Quick and Efficient Exercise Routine

March 31, 2009 Updated: October 1, 2015

The Bicycle crunch is challenging, feels good, and is efficient. This wonderful abdominal exercise can be done anywhere, anytime. (Henry Chan/The Epoch Times, Space Courtesy of Fitness Results)
The Bicycle crunch is challenging, feels good, and is efficient. This wonderful abdominal exercise can be done anywhere, anytime. (Henry Chan/The Epoch Times, Space Courtesy of Fitness Results)
Sometimes we get so busy that it seems there is no time to exercise. This can lead to a dangerous inactivity rut. By setting aside a quick routine that requires no equipment, one really has no excuses.

I practice these quick routines throughout my week and sometimes throughout the day. They are so effective that I have been able to tone up after having my children and lose some weight doing them regularly. I think part of my success with these quick workout routines is that they feel good and energize me rather than burn me out, particularly when I am pressed for time and a bit run down. These exercises are also convenient. I can do them on my floor before bed or during the short breaks I have between clients at my fitness studio.

Not only do I feel energized by these exercises, but also they help me stand taller. When I gently work my back and abdominal muscles, I find that I naturally lift up my stomach muscles while standing, walking, and even sitting. As a result, I end up looking leaner and feeling healthier.


Pushups are one of those exercises that are extremely effective at toning your entire upper body because, when performed correctly, your abdominal and back muscles must work along with your chest, deltoids, and triceps. If you put your hands on a stability ball, researchers found greater muscle activity in the abdominals then when placing your hands on a bench (Lehman et al. 2006). They also discovered that a narrower grip on pushups recruits more chest muscles then a wide grip hand position  (Cogley et al. 2005; Lehman et al. 2005).

When performing a pushup, a good way to cue yourself is to place a rolled up sock on the floor under the center of your chest. Keeping your navel drawn in toward your spine and your shoulders spread out wide (not sunken in and retracted toward each other), slowly lower your chest toward the sock without dropping your head or changing the alignment of your back (which should be held in a neutral position). Press your body back up in one piece. Imagine that it is like a plank, and you are lowering and raising that plank on each repetition. If it is too difficult to keep proper form, then modify the pushup by placing your knees on the floor. When you do this exercise correctly and regularly, you’ll be amazed by how quickly you will progress.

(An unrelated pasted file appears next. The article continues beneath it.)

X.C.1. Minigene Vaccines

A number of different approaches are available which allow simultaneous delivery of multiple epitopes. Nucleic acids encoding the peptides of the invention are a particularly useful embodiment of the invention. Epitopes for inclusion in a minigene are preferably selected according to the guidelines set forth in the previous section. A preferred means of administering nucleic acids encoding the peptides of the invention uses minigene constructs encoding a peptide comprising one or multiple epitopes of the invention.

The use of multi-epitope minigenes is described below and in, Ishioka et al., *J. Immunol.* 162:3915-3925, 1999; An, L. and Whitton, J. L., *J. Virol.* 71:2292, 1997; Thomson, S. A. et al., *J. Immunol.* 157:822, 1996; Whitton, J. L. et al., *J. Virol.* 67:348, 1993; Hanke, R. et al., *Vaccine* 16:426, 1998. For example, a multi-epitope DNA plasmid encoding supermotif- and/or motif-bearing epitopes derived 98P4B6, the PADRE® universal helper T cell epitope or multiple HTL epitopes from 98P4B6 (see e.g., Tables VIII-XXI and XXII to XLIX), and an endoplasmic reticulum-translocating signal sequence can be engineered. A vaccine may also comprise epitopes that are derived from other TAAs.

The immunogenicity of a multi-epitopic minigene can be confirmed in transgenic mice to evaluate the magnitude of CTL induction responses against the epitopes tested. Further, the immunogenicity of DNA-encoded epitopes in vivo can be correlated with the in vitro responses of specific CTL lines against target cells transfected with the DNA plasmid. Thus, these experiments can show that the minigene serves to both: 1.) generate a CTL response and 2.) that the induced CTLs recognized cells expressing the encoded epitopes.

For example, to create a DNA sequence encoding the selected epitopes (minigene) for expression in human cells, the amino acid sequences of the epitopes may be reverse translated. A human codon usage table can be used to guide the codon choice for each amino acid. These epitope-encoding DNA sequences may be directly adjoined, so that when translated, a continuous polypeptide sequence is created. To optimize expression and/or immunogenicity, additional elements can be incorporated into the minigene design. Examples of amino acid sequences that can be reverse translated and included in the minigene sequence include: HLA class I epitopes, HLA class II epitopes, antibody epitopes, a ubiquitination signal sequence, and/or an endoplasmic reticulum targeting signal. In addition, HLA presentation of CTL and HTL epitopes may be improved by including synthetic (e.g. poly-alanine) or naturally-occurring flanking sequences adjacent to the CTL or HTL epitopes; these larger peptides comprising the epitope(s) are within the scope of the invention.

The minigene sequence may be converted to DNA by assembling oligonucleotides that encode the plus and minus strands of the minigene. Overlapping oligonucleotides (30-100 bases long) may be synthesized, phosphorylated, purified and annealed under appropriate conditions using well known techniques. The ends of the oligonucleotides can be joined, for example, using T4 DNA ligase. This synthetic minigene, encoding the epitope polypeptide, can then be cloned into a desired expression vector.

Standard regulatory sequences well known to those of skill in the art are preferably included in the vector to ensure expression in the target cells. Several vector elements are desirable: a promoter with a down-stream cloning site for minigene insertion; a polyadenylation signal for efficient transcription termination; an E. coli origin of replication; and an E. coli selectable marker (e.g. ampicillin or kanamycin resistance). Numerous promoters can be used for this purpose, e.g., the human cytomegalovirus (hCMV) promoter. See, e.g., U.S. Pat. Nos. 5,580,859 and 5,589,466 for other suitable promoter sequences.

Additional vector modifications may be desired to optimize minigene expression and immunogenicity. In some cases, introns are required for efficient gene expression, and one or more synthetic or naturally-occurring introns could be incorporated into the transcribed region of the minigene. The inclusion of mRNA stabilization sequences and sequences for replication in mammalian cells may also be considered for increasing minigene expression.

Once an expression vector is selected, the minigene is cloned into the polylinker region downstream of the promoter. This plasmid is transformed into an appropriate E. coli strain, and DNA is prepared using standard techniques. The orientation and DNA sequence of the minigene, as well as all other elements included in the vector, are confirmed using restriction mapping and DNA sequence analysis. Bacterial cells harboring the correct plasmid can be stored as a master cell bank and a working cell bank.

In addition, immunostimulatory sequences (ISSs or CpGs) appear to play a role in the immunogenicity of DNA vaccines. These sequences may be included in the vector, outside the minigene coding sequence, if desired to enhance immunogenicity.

Bicycle Crunch

Lie on your back with your knees in a tabletop position and your hands behind your head.
Keep your tongue pressed against the roof of your mouth and exhale, drawing your navel toward your spine as you lift your upper body away from the floor. Keep your elbows pointing out, away from each other.

Exhale and extend your right leg and, keeping your elbows wide, rotate your torso to the left, bringing your right elbow toward your left knee. Perform this action without pulling on your neck. Point your left elbow toward the wall behind your head.

As you inhale, switch legs and bring your torso back to center.

Exhale as you repeat the twist to the other side.

Superman Alphabet

Begin on your hands and knees. Find your neutral spine. This means that all the natural curves in your spine should be maintained. Your lower back should have a slight arch, your upper back should be straight, and your face should be parallel to the floor while maintaining a small curve in your neck. A good way to measure this is to place a wooden dowel or broomstick on your back. You want to feel your tailbone, upper back, and back of you head against the dowel.

Keep the pointed part of your elbows facing your thighs and bend them until your torso is parallel to the ground.

Keep your thighs under your hip sockets. In an attempt to rest our triceps, we often shift our weight toward our legs, shortening the angle between the thigh and hips. Try to stay centered. An added bonus to the challenge of staying centered is that it builds nicely defined triceps.

Gently draw your navel toward your spine and lift your pelvic floor. Without falling out of alignment, extend your opposite arm and leg. Slowly return to your starting position and repeat on the other side.

When you are ready to progress, draw the alphabet with your extended leg. Repeat on the other side. You may take a one-minute rest between sides. When drawing the alphabet, maintain a still and stable center.

Lower Abdominal Curls

Lie on your back with your legs up (perpendicular to the floor). As you exhale, draw your navel toward your spine and press your legs toward the ceiling, lifting your hips off the floor. You want to keep your thighs perpendicular to the floor throughout the entire exercise. This is for your lower abdominal muscles. If you do not feel them working, you are probably cheating. 

Belly Breath Crunches

Lie on your back with your knees bent and your feet on the floor, in line with your hip sockets. Inhale into your lower abdominal area, filling your belly up with air as if blowing up a balloon. Exhale from your lower abdomen until there is no more air left. Notice, as you practice this breath, that deep internal abdominal muscles begin to tighten. After a few belly breaths, add an abdominal crunch to the exhalation. So, as you exhale, lift your head and chest off the floor until your shoulder blades come off the floor. You should have your navel scooped in as much as you can. If your belly is bulging out, return to the belly breath again. Practice it until you can connect the breath to the crunch movement without your belly bulging.